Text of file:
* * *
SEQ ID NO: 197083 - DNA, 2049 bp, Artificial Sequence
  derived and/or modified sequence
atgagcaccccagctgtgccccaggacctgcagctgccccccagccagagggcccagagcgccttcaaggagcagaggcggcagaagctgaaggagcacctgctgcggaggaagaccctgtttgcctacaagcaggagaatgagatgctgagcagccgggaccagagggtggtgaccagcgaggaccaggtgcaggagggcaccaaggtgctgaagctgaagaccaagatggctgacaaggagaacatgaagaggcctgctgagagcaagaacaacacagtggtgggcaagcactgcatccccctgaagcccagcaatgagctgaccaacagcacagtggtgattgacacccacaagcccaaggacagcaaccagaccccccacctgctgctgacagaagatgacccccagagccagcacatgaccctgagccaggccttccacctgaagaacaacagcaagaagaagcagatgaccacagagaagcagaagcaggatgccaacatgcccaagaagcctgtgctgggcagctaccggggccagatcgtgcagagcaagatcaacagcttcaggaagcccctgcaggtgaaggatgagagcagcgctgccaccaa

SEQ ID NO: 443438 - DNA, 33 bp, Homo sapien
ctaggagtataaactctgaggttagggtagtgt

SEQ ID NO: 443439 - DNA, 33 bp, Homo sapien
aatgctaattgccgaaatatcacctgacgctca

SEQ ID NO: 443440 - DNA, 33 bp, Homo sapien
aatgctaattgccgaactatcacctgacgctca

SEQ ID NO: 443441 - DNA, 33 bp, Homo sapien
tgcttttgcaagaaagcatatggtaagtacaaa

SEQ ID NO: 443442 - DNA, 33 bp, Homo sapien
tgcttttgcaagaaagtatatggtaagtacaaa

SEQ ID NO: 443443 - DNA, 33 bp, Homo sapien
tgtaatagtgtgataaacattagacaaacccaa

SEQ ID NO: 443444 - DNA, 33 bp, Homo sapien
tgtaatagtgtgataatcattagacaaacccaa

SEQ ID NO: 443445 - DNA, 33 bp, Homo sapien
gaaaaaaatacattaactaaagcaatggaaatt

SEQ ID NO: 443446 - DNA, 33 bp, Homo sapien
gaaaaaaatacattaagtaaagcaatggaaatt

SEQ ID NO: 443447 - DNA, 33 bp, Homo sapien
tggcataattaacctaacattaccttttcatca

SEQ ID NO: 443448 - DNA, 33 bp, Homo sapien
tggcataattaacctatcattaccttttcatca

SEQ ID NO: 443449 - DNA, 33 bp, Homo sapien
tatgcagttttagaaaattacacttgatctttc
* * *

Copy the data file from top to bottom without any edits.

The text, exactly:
SEQ ID NO: 197083 - DNA, 2049 bp, Artificial Sequence
  derived and/or modified sequence
atgagcaccccagctgtgccccaggacctgcagctgccccccagccagagggcccagagcgccttcaaggagcagaggcggcagaagctgaaggagcacctgctgcggaggaagaccctgtttgcctacaagcaggagaatgagatgctgagcagccgggaccagagggtggtgaccagcgaggaccaggtgcaggagggcaccaaggtgctgaagctgaagaccaagatggctgacaaggagaacatgaagaggcctgctgagagcaagaacaacacagtggtgggcaagcactgcatccccctgaagcccagcaatgagctgaccaacagcacagtggtgattgacacccacaagcccaaggacagcaaccagaccccccacctgctgctgacagaagatgacccccagagccagcacatgaccctgagccaggccttccacctgaagaacaacagcaagaagaagcagatgaccacagagaagcagaagcaggatgccaacatgcccaagaagcctgtgctgggcagctaccggggccagatcgtgcagagcaagatcaacagcttcaggaagcccctgcaggtgaaggatgagagcagcgctgccaccaa

SEQ ID NO: 443438 - DNA, 33 bp, Homo sapien
ctaggagtataaactctgaggttagggtagtgt

SEQ ID NO: 443439 - DNA, 33 bp, Homo sapien
aatgctaattgccgaaatatcacctgacgctca

SEQ ID NO: 443440 - DNA, 33 bp, Homo sapien
aatgctaattgccgaactatcacctgacgctca

SEQ ID NO: 443441 - DNA, 33 bp, Homo sapien
tgcttttgcaagaaagcatatggtaagtacaaa

SEQ ID NO: 443442 - DNA, 33 bp, Homo sapien
tgcttttgcaagaaagtatatggtaagtacaaa

SEQ ID NO: 443443 - DNA, 33 bp, Homo sapien
tgtaatagtgtgataaacattagacaaacccaa

SEQ ID NO: 443444 - DNA, 33 bp, Homo sapien
tgtaatagtgtgataatcattagacaaacccaa

SEQ ID NO: 443445 - DNA, 33 bp, Homo sapien
gaaaaaaatacattaactaaagcaatggaaatt

SEQ ID NO: 443446 - DNA, 33 bp, Homo sapien
gaaaaaaatacattaagtaaagcaatggaaatt

SEQ ID NO: 443447 - DNA, 33 bp, Homo sapien
tggcataattaacctaacattaccttttcatca

SEQ ID NO: 443448 - DNA, 33 bp, Homo sapien
tggcataattaacctatcattaccttttcatca

SEQ ID NO: 443449 - DNA, 33 bp, Homo sapien
tatgcagttttagaaaattacacttgatctttc